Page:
How to Tell if You Have a Clogged Dishwasher

80 million homes–that’s how many residential properties in the U.S. have a dishwasher. That’s more than six in 10 U.S. homes!

After all, these machines are the faster, more convenient way of cleaning up used dishes. It’s also far easier to use compared to bending over the kitchen sink. What’s more, studies show that washing by hand eats up more energy and water than dishwashers.

But just like plumbing systems, dishwashers are also prone to clogs. Their filters, drains, and other disposal components can get plugged up by debris. In this case, you can no longer expect that clogged dishwasher to do the dishes for you.

In fact, water can even flow out of it and into your home, causing indoor flooding. That’s why it’s important to know the signs of dishwasher clogs, so you can address them right away.

Ready to know what these symptoms are? Then keep reading as we’ve listed the most common ones you should be on the lookout for!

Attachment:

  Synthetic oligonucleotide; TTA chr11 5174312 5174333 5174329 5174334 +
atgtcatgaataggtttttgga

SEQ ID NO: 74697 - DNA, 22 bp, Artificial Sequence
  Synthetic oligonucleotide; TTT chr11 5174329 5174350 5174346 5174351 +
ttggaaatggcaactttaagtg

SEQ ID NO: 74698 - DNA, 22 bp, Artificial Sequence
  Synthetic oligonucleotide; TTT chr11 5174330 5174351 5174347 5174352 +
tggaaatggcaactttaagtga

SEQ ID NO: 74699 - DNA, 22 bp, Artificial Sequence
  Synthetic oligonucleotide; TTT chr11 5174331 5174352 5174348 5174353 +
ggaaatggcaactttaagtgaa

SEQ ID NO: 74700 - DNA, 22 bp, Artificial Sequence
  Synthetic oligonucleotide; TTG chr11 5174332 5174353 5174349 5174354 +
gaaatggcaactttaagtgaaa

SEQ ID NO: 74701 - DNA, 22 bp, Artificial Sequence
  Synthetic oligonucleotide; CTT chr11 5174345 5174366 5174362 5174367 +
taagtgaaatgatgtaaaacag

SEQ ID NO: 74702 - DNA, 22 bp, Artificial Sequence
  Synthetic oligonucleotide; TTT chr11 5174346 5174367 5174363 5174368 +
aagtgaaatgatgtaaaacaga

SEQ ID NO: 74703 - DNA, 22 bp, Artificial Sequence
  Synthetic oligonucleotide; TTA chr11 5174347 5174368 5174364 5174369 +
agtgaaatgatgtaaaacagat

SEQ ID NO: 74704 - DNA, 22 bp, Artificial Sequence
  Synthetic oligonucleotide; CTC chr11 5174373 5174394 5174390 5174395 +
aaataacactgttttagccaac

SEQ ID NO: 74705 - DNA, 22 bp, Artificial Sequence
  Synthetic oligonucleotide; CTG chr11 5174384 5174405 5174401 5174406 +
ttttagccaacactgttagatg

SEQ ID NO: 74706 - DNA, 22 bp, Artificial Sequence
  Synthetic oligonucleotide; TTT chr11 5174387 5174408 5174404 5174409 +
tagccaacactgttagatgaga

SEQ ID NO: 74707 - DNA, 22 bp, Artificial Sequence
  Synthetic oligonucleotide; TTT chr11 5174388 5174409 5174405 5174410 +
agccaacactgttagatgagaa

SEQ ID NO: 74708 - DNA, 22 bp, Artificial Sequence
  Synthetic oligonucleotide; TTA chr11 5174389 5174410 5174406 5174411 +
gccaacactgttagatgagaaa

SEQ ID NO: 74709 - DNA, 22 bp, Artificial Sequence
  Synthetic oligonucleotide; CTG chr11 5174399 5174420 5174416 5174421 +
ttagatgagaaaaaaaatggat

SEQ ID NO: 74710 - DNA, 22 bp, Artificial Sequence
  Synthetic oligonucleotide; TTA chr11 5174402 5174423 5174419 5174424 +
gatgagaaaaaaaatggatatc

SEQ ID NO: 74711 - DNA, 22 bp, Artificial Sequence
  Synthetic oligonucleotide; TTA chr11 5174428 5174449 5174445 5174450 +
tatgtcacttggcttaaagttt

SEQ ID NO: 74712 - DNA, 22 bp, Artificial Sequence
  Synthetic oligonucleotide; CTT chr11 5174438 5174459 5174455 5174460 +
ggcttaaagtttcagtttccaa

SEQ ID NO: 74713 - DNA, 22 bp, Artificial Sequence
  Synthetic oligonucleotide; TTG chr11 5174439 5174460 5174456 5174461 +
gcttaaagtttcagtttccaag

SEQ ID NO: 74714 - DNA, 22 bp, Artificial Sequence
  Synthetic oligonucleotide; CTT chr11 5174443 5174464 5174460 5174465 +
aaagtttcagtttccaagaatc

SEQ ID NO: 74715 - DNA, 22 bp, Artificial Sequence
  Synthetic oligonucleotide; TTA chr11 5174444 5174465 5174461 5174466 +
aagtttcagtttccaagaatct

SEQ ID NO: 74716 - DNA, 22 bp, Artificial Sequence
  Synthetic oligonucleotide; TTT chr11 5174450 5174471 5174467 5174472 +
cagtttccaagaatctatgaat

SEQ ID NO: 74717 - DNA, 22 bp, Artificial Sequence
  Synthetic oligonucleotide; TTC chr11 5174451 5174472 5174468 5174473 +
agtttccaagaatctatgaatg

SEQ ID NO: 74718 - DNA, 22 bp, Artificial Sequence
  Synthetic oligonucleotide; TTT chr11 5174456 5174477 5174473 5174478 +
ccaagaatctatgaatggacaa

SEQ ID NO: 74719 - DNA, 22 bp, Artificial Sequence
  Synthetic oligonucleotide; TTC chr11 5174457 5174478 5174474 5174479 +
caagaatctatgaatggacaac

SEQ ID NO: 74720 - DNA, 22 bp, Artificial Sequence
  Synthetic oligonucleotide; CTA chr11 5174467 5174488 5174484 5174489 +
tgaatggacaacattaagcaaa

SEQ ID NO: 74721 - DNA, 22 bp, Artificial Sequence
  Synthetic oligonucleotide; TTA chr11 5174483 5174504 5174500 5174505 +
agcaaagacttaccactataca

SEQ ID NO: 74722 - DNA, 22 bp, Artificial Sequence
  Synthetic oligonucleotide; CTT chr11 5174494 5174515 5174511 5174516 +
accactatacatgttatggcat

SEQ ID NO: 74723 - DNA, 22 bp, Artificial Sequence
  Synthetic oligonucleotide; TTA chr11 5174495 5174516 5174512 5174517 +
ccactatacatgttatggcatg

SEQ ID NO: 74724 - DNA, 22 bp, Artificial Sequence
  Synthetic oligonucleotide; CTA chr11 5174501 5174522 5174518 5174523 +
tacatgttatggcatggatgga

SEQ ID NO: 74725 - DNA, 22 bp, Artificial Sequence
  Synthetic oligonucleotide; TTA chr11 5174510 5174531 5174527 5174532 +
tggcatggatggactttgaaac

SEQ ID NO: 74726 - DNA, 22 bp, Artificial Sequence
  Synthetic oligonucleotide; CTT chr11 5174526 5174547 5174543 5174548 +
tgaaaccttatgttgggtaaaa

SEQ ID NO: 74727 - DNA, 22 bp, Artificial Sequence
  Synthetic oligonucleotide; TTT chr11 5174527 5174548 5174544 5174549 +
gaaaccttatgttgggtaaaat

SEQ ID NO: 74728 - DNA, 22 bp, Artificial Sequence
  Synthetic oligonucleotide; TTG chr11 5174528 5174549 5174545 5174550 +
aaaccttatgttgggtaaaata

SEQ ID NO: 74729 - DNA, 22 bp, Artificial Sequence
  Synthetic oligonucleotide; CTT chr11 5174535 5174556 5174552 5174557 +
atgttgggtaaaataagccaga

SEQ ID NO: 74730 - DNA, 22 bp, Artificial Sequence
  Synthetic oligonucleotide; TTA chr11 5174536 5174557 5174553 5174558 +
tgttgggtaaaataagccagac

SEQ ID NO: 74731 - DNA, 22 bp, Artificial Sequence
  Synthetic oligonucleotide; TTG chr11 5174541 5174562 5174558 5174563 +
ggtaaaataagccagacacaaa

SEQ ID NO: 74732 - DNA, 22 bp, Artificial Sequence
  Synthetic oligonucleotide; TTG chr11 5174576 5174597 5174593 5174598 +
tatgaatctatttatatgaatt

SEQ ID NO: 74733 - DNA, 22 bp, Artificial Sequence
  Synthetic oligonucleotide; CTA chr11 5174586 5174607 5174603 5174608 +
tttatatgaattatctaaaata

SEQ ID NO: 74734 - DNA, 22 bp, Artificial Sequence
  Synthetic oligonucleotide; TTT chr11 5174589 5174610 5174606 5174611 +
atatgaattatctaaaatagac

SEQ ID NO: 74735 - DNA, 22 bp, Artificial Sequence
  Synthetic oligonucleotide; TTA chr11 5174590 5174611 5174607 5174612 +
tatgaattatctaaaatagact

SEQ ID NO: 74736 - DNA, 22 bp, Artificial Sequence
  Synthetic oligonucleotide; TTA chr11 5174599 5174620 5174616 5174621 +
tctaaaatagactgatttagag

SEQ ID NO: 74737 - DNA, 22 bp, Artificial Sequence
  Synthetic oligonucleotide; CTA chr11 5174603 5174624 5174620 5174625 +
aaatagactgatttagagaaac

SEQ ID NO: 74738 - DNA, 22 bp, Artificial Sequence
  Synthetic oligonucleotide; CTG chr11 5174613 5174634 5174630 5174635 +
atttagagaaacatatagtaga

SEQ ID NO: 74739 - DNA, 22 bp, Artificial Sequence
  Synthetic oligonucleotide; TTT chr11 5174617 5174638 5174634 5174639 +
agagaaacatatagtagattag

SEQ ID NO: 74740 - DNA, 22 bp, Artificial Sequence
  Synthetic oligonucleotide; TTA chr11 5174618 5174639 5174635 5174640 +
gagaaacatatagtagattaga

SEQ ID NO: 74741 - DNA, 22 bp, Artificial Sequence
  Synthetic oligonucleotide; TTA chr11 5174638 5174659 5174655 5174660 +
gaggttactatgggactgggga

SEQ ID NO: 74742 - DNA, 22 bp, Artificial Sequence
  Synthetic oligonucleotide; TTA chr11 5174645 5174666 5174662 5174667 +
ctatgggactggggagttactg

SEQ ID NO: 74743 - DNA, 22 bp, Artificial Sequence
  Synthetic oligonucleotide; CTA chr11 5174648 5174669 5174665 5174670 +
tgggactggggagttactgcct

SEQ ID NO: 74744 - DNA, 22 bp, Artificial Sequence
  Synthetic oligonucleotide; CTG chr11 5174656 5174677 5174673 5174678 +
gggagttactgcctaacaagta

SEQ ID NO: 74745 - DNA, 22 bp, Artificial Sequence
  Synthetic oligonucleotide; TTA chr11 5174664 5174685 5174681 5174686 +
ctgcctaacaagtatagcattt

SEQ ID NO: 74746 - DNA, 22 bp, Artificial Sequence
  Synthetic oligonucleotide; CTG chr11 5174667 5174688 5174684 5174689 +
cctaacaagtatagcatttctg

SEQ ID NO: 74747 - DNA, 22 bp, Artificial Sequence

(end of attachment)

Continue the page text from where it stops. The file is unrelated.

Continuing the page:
Loud Gurgling Sounds

A dishwasher clogged by food debris can cause loud gurgling or “glugging” sounds. These noises often signal a partial blockage in the drain hose, caused by water trying to get past the clog.

Keep in mind that the drain hose’s function is to move wastewater to the garbage disposal. If it can’t direct the flow of wastewater away from your home, the dirty water can go back and flow out of the dishwasher. If this happens, you’re looking at possible indoor flooding and water damage.

Luckily, there are only a few steps on how to unclog a dishwasher hose, the first of which is to locate the hose. This connects the machine to the garbage disposal and is usually behind the washer. If not, check the cabinet under your kitchen sink or look for the information in your owner’s manual.

Once you’ve located the hose, disconnect it from the disposal system. Carefully insert a straightened hanger inside the hose and scoop out the gunk. After you’ve cleared the clog, reconnect the hose and try running the machine to see if the loud noises are gone.